Passive solar design

Emerald Earth - Passive solar - Redroot

A hybrid natural home at Emerald Earth. Note the winter sun shining through south-facing windows onto the earthen floor and clay-plastered walls.

In any temperate climate, you can reduce or even eliminate the energy needed to heat and cool your home by careful siting and design. Passive solar homes work best when built from a combination of high-mass materials such as cob or stone and insulating materials like straw bale or straw clay. You also need to orient the building correctly (ideally with a long side facing south), place most of your windows on the south side and very few on the north, and calculate the ideal roof overhang for winter sun penetration and summer shading.

Here’s how it works: rays from the low-angle winter sun shine into the house through south-facing windows and are absorbed by high-density material on the floors and wall surfaces that the sun hits. When the air temperature falls at night, this stored energy emerges to heat you and the interior of the building. Good insulation in the building envelope (especially the roof and north-facing walls) is essential to keep the heat inside the house.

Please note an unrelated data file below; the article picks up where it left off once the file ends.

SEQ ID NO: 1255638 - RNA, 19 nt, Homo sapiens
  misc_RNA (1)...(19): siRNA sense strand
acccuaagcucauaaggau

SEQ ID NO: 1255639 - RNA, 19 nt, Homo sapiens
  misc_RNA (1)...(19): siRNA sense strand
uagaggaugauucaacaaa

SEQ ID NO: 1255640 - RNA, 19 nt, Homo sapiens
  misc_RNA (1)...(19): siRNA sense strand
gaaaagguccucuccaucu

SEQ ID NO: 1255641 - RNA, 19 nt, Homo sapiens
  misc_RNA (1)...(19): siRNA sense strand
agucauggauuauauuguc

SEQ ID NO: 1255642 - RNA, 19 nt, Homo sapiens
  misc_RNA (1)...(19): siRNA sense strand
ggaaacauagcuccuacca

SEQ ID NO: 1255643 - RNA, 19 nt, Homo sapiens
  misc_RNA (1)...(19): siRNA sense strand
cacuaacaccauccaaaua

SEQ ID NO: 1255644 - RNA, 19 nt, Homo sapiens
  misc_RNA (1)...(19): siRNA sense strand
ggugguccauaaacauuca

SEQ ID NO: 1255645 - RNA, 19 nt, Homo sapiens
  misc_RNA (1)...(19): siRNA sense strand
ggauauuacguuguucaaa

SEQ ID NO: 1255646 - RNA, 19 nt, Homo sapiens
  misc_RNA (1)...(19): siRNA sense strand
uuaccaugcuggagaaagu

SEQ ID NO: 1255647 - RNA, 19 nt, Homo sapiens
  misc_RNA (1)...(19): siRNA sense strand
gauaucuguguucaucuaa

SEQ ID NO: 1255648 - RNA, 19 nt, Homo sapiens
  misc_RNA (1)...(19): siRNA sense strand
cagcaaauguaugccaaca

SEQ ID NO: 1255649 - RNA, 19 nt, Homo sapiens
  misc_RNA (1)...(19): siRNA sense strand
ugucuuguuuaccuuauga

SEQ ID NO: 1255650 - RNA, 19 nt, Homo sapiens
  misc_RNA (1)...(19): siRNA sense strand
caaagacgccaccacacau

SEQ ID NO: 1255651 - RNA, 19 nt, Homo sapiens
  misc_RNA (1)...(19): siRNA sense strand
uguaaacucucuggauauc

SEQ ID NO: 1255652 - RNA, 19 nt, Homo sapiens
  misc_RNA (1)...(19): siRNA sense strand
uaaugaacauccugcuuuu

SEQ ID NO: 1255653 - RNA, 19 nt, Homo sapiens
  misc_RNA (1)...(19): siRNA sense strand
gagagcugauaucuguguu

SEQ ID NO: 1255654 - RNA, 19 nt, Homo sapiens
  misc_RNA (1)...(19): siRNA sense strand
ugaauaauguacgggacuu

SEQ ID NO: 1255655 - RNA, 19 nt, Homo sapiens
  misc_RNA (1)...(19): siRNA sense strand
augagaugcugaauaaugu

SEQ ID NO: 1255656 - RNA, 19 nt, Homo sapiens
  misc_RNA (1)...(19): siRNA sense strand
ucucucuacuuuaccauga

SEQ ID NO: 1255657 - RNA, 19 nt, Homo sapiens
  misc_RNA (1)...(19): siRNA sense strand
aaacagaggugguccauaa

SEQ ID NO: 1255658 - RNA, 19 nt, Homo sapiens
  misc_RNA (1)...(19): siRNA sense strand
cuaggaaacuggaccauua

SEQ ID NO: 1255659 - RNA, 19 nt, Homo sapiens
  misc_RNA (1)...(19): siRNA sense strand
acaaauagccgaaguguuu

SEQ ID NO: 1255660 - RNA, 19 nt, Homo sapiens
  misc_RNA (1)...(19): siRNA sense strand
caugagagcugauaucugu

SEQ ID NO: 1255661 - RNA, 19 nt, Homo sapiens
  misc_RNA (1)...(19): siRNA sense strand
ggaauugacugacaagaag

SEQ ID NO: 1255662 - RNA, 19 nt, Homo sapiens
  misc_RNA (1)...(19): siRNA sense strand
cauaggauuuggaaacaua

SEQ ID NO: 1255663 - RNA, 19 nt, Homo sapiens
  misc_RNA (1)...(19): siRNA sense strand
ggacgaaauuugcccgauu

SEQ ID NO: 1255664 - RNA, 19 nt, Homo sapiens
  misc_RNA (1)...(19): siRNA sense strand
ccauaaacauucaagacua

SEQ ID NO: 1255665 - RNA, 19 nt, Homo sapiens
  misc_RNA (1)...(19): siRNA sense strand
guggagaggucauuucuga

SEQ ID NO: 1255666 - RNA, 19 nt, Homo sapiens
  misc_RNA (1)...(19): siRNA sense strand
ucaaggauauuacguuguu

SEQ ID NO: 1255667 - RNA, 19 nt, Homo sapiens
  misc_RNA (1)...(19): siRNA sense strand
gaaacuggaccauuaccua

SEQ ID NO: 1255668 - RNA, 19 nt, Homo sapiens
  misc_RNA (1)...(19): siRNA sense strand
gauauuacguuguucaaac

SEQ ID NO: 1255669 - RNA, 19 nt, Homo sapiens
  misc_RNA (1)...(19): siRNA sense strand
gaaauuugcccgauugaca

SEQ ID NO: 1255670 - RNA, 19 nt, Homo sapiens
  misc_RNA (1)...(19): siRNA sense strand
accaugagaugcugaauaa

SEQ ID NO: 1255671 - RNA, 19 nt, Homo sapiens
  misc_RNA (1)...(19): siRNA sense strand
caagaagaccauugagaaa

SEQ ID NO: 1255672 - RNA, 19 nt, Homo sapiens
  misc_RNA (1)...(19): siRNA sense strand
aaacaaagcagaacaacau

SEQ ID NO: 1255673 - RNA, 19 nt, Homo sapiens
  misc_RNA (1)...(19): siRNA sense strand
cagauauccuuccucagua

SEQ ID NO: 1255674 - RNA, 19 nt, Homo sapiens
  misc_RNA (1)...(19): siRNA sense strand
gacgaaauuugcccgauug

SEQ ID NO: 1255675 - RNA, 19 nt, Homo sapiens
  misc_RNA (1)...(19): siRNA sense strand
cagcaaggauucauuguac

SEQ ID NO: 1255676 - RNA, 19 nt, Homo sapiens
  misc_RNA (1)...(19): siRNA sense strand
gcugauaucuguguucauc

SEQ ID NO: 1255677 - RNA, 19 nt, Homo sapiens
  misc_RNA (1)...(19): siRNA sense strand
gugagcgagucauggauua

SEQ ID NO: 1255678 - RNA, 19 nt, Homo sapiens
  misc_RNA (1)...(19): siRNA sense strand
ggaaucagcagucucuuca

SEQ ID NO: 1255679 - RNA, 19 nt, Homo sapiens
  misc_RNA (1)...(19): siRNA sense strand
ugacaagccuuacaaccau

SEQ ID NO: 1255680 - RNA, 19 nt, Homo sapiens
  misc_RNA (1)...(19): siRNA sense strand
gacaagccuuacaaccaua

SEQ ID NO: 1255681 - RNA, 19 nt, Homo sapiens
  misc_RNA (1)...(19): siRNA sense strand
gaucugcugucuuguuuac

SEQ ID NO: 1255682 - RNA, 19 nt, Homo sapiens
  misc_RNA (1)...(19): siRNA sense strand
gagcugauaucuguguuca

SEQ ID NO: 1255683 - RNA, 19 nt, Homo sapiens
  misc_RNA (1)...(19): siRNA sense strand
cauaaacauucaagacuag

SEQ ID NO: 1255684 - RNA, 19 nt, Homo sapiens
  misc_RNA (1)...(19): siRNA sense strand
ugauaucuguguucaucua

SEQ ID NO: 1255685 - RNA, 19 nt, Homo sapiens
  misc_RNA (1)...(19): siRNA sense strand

In the summer, when the sun angle is higher, roof eaves shade the windows from the sun. On a hot day, you shut the house up tight in the morning, and the thermal mass will cool the building during the day by sucking heat out of the air. At night, open the windows to let cool air run through the house and flush out the heat.

Passive solar summer shading

Wrap-around porches shade the south and west walls of this straw bale home in summer. Notice also the huge oak tree to the southwest of the building.

Solar heating will only work if the sun shines on your home in the wintertime. This can sometimes be challenging in urban, forested, or mountainous locations, and also where winters are cloudy for long periods. In these situations we use less direct passive heating strategies and also rely on a supplemental heat source such as a wood stove. Site features such as shade trees and cooling breezes should also be taken into consideration for passive cooling.